Heart of the River hosts Protest Paddle


By Zach Osowski

Hosting a

Super Bowl is something most major cities dream about, and this February,

Indianapolis will have the privilege, bringing national attention and focus

that local officials hope to parlay into economic development and tourism.

But the

Super Bowl – which determines the champion of the National Football

League – brings its share of issues as well, Indiana Attorney General

Greg Zoeller said Friday. Among them: An increased

commercial sex industry that can include human trafficking.

So Zoeller announced the launch of a program designed to raise

awareness and enhance training about human trafficking, which generally

involves bringing girls and young women into the country illegally and hiring

them out to people as prostitutes.


is part of a state effort by Indiana," Zoeller

said. "But it is also a part of a national effort."


trafficking crimes have increased significantly at the last few Super Bowl

games. At the game in Tampa in 2009, the state's Department of Children and

Families rescued 24 children who had been forced to be sex workers.


in 2010 and 2011 – at games hosted by Miami and Dallas – worked to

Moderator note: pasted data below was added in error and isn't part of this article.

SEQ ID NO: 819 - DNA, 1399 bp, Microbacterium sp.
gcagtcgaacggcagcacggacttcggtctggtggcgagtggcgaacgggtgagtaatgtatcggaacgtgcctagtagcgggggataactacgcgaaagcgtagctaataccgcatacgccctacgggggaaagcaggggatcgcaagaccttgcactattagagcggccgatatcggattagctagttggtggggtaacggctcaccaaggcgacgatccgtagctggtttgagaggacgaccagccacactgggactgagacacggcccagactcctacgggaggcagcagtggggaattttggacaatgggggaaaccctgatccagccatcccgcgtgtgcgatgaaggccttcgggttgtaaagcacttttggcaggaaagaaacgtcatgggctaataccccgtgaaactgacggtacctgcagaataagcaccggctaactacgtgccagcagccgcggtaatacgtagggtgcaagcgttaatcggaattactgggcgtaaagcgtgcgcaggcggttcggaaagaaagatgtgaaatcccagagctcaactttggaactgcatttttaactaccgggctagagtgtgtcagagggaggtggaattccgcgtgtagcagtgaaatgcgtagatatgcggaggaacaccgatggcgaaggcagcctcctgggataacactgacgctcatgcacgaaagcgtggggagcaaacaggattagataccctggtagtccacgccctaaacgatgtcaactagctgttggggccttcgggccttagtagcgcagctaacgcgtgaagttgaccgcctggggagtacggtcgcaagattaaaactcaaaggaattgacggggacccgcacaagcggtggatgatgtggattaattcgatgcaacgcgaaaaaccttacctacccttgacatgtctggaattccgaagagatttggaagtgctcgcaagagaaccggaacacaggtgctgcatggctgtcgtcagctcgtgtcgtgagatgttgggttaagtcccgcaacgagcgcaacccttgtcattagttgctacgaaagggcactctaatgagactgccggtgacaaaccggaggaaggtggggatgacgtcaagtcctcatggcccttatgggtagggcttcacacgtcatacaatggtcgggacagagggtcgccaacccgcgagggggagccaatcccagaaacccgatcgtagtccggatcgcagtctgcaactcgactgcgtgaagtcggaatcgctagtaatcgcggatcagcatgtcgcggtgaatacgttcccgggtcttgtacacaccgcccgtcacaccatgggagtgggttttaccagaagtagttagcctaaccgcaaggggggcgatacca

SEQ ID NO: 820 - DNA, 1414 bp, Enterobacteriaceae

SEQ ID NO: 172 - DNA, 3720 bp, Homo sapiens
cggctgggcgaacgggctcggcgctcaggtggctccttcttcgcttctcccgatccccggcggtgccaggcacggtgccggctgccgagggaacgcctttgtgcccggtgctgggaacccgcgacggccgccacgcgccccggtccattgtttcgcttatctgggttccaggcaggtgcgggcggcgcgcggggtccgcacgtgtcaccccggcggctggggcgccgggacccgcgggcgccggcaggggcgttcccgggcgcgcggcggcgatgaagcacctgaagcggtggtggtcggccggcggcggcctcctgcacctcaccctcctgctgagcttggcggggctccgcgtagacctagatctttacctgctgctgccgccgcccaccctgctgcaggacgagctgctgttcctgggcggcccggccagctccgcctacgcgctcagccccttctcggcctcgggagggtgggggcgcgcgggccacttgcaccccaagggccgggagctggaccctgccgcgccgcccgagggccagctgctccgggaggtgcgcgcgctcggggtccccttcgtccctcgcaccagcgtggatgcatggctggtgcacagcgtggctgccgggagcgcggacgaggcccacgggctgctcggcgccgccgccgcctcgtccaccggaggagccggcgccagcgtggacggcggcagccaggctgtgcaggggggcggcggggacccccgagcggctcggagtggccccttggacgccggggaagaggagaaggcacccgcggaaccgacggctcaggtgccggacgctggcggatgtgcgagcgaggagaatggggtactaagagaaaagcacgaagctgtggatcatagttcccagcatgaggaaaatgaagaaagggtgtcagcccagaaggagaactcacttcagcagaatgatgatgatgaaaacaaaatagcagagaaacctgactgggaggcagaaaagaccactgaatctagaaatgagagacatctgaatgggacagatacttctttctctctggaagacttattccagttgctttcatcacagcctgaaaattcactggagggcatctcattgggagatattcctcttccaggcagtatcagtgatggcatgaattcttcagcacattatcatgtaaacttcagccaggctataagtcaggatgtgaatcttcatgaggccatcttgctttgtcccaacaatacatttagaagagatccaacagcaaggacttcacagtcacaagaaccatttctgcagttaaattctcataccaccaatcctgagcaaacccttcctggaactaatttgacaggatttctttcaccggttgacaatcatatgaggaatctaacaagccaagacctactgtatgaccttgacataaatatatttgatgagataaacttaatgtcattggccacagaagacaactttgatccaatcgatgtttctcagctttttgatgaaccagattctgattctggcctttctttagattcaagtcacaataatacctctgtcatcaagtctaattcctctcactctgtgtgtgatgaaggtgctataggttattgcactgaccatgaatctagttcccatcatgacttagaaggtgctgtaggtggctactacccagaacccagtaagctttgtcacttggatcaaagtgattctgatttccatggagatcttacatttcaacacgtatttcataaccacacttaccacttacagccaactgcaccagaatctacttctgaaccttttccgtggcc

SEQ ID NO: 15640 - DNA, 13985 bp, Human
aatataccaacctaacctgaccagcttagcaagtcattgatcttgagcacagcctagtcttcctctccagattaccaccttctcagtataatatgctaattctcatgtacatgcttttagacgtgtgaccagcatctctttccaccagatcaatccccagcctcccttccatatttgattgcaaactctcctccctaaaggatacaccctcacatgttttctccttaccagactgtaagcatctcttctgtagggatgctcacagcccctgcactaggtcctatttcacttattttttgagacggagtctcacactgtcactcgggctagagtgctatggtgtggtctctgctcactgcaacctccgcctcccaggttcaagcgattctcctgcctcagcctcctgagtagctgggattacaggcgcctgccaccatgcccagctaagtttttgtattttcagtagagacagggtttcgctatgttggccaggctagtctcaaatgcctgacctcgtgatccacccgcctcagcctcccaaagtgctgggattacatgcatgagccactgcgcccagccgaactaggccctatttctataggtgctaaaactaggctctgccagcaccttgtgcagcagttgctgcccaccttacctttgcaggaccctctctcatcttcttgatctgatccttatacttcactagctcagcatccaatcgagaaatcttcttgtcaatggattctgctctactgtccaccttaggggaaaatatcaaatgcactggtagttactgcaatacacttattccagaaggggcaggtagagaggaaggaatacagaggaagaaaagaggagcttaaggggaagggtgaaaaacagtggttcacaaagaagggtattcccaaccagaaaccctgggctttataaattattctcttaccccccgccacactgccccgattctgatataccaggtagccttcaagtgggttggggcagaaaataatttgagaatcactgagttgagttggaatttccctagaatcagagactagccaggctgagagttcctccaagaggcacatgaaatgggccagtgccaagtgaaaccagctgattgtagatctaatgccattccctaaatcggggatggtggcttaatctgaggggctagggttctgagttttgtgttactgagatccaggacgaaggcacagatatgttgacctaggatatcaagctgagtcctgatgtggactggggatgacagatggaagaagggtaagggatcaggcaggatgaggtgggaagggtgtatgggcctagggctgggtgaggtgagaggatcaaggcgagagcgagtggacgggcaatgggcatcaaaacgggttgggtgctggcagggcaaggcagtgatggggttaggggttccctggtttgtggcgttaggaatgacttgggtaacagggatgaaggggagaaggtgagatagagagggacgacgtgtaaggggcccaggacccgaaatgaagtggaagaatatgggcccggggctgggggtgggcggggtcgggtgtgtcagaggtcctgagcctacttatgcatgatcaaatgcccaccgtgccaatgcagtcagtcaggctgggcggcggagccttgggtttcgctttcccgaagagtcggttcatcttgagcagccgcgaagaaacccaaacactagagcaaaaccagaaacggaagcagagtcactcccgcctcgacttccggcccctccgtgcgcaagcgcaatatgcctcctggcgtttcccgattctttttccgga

decrease the problems, Zoeller said.


they wish they could have done more," he said.

Now, Zoeller is working with the Indiana Coalition Against

Sexual Assault

on training sessions meant to help law enforcement officials

decipher the difference between a sex slave and a prostitute. The first event

took place Friday at the Indiana State Office Building.


addition, Zoeller will be working closely with the

Indiana General Assembly to draft a law that addresses human trafficking,

particularly profiting from the sale of sex with girls under 18 years old.


missing in the law now is the actually trafficker," Zoeller

said. "We've always seen the prostitute as the criminal and in these cases

she should be viewed as the victim."


for the legislation is already in the works, Zoeller

said. But he acknowledged lawmakers – who return to work in January –

will have a short window in which to pass a bill into

law before the Feb. 5 game.

The FBI has

no Indiana statistics on human trafficking because it is not one of the top

crimes it tracks in the state, according to Zoeller.

That makes

it difficult to tell if training or new laws are making a difference, Zoeller said.

The above is one of an ongoing

series of reports from the Indiana Statehouse by students at the Franklin

College Pulliam School of Journalism



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